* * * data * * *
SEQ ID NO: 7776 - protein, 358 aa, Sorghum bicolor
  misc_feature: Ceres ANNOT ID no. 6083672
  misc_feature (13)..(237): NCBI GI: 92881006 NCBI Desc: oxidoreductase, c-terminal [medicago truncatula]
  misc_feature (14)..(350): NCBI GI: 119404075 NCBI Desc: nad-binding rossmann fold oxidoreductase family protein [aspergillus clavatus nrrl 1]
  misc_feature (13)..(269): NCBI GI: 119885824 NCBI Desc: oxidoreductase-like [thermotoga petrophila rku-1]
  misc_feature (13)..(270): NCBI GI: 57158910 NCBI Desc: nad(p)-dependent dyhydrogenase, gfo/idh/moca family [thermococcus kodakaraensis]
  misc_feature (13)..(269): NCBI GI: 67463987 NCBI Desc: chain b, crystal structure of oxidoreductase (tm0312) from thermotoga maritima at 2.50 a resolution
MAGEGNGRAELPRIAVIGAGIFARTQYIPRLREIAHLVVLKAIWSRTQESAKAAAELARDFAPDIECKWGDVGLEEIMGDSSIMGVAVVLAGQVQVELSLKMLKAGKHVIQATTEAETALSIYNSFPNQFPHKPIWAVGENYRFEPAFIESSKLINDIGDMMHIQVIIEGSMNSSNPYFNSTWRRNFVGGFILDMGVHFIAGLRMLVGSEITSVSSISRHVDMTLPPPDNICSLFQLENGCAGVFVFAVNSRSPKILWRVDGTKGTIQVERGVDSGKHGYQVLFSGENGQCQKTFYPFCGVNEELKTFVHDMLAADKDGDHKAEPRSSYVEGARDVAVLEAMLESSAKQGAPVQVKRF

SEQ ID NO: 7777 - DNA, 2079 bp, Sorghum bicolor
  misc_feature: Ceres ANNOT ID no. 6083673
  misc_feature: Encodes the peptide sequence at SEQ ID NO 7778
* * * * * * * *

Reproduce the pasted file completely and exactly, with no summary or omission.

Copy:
SEQ ID NO: 7776 - protein, 358 aa, Sorghum bicolor
  misc_feature: Ceres ANNOT ID no. 6083672
  misc_feature (13)..(237): NCBI GI: 92881006 NCBI Desc: oxidoreductase, c-terminal [medicago truncatula]
  misc_feature (14)..(350): NCBI GI: 119404075 NCBI Desc: nad-binding rossmann fold oxidoreductase family protein [aspergillus clavatus nrrl 1]
  misc_feature (13)..(269): NCBI GI: 119885824 NCBI Desc: oxidoreductase-like [thermotoga petrophila rku-1]
  misc_feature (13)..(270): NCBI GI: 57158910 NCBI Desc: nad(p)-dependent dyhydrogenase, gfo/idh/moca family [thermococcus kodakaraensis]
  misc_feature (13)..(269): NCBI GI: 67463987 NCBI Desc: chain b, crystal structure of oxidoreductase (tm0312) from thermotoga maritima at 2.50 a resolution
MAGEGNGRAELPRIAVIGAGIFARTQYIPRLREIAHLVVLKAIWSRTQESAKAAAELARDFAPDIECKWGDVGLEEIMGDSSIMGVAVVLAGQVQVELSLKMLKAGKHVIQATTEAETALSIYNSFPNQFPHKPIWAVGENYRFEPAFIESSKLINDIGDMMHIQVIIEGSMNSSNPYFNSTWRRNFVGGFILDMGVHFIAGLRMLVGSEITSVSSISRHVDMTLPPPDNICSLFQLENGCAGVFVFAVNSRSPKILWRVDGTKGTIQVERGVDSGKHGYQVLFSGENGQCQKTFYPFCGVNEELKTFVHDMLAADKDGDHKAEPRSSYVEGARDVAVLEAMLESSAKQGAPVQVKRF

SEQ ID NO: 7777 - DNA, 2079 bp, Sorghum bicolor
  misc_feature: Ceres ANNOT ID no. 6083673
  misc_feature: Encodes the peptide sequence at SEQ ID NO 7778